The Heart of the Community Study
a study on Heart Rate Variability
Community service providers (CSPs), such as promotores and other community health staff, play an essential role in preserving health and treating disease in underserved Hispanic/Latinx (HL) communities with disproportionately high rates of cardiometabolic (CM) disease. Although effective programs have been developed that deploy CSPs to reduce CM disease risk in the community, to our knowledge no interventions have sought to reduce CM risk among CSPs themselves. However, CSPs are also at high risk for adverse CM outcomes, as they have the same high-risk demographics as the communities they serve and they work in high-stress, frontline jobs. Reducing CM risk among HL CSPs is crucial to promote health at both the individual and community levels; that is, preventive interventions delivered to CSPs may not only promote the health of the individual CSPs who receive the intervention but also may bolster CSPs to more effectively deliver programming that protects CM health community-wide. The proposed study employs relational savoring (RS), a brief intervention rooted in positive psychology and attachment, which has previously been shown to promote psychosocial well-being and which is particularly efficacious in HL populations. Emerging research supports that RS may also promote more optimal cardiovascular regulation and health behavior. Therefore, the investigators deliver RS to CSPs in order to identify CM health protective effects for both CSPs and the high-risk communities they serve. Aims and Hypotheses: Aim 1: Examine effects of RS on CSPs' CM risk factors and outcomes. Hypotheses: RS (compared to wait-list control) will be associated with lower CM risk, as indexed by higher mean HRV, both during a stressor and at rest (H1A). RS will also be associated with a more favorable CM health behavior profile, indexed by higher quality sleep, more exercise, and healthier diet (H1B). Aim 2: Examine effects of RS on CSPs' delivery of CM health programming to the community. Hypotheses: RS will be associated both with reduced threats to CSPs leaving the workforce, including higher satisfaction with work, greater agency, and lower burnout (H2A), and with a higher number of community members reached for CM health programming, as indexed by number of days CSP worked, number of health-related events offered by CSPs, community attendance at events, and retention of community members across multi-day programs (H2B).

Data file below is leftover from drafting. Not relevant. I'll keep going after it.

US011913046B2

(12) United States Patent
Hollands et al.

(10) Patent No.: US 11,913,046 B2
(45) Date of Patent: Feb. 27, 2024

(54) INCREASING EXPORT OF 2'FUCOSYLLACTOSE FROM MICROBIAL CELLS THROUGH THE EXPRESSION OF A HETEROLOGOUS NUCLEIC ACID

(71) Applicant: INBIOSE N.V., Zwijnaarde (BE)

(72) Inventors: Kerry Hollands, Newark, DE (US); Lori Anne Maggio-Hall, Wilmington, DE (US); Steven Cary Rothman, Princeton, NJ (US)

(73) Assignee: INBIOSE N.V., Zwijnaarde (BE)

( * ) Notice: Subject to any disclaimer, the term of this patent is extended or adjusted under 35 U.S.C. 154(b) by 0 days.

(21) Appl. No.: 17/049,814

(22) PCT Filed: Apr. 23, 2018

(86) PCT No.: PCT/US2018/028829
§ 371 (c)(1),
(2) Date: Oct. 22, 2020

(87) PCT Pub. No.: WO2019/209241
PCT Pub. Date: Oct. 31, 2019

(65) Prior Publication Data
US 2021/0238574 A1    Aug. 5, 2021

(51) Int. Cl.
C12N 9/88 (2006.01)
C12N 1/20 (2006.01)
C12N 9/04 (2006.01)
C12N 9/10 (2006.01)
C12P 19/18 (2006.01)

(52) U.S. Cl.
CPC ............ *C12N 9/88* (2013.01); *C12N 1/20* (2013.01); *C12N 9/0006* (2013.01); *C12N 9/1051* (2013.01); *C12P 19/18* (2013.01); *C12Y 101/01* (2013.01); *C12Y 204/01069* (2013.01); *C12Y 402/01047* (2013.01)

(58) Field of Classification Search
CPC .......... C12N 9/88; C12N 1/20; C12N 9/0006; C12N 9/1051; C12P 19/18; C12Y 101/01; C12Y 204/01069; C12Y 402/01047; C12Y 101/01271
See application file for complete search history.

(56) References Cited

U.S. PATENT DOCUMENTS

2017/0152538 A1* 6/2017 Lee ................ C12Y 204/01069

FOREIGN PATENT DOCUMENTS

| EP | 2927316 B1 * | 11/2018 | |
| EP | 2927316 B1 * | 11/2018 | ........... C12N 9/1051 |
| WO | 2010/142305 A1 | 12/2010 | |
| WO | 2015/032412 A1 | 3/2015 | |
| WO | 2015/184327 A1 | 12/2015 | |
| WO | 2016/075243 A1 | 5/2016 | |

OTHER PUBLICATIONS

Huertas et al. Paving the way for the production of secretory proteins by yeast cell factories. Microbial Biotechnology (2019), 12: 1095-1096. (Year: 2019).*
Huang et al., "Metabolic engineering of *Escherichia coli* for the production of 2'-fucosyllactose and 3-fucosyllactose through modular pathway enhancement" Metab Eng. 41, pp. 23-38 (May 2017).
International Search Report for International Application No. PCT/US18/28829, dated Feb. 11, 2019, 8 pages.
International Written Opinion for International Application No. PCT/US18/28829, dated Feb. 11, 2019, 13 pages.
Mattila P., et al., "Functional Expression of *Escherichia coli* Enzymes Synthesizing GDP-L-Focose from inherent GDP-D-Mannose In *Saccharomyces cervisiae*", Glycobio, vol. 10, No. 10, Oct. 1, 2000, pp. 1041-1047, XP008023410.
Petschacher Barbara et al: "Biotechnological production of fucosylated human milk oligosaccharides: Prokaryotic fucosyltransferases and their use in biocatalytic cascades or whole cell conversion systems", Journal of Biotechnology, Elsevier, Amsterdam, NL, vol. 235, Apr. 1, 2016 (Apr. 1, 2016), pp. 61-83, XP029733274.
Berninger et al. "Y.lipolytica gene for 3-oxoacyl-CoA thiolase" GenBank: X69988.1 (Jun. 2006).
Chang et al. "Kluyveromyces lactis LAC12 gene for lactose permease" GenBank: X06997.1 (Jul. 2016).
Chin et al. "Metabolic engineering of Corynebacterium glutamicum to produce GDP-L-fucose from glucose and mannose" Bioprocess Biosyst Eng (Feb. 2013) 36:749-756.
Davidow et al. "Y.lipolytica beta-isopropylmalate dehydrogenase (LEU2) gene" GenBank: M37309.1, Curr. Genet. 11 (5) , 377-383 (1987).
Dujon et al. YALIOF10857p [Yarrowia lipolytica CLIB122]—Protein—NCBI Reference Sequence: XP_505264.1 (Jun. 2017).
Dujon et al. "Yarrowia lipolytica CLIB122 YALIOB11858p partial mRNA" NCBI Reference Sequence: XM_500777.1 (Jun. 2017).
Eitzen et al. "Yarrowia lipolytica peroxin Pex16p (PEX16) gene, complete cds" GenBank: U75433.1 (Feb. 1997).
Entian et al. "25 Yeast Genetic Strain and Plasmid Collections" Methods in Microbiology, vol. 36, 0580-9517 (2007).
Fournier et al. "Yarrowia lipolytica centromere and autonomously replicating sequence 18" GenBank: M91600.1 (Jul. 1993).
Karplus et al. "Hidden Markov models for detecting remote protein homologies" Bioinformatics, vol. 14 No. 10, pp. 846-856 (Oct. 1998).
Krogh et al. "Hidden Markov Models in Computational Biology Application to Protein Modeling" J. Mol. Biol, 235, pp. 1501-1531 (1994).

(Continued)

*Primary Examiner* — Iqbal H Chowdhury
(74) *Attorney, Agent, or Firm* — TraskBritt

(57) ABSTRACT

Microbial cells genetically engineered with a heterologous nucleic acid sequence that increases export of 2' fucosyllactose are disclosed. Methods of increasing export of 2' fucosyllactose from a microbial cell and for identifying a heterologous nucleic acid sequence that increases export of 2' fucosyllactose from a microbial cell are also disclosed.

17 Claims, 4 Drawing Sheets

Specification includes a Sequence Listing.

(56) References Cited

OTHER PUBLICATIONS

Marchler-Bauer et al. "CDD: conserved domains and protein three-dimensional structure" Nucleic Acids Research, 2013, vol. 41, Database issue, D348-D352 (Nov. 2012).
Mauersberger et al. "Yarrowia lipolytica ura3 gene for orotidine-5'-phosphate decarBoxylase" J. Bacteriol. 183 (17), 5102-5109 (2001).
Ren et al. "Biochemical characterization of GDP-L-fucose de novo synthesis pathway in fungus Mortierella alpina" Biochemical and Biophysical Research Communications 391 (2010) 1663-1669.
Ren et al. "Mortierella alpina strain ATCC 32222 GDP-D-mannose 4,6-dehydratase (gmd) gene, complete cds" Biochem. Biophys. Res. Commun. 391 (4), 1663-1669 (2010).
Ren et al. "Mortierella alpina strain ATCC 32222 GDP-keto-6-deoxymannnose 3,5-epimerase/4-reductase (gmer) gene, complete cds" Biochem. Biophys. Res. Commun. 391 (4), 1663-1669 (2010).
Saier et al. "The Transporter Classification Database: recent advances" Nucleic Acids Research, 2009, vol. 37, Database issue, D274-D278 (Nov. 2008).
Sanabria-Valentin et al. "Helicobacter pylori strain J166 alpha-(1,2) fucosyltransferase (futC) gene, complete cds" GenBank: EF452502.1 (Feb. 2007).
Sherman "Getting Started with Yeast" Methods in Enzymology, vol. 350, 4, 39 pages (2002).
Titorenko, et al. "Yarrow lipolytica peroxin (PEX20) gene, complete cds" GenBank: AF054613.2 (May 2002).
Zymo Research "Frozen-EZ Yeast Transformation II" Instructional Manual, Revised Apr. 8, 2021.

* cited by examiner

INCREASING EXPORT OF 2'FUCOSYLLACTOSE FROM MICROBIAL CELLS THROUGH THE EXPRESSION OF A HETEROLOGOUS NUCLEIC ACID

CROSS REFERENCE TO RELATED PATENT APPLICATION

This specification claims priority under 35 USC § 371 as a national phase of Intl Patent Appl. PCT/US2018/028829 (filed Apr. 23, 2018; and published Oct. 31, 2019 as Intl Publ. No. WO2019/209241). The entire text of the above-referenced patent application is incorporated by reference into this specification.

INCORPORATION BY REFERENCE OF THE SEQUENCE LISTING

El Corazon de La Comunidad Study - The Purpose of This Research Study is to Develop, Implement, and Evaluate a Community-based Approach to Bolstering the Health and Efficacy of Community Service Providers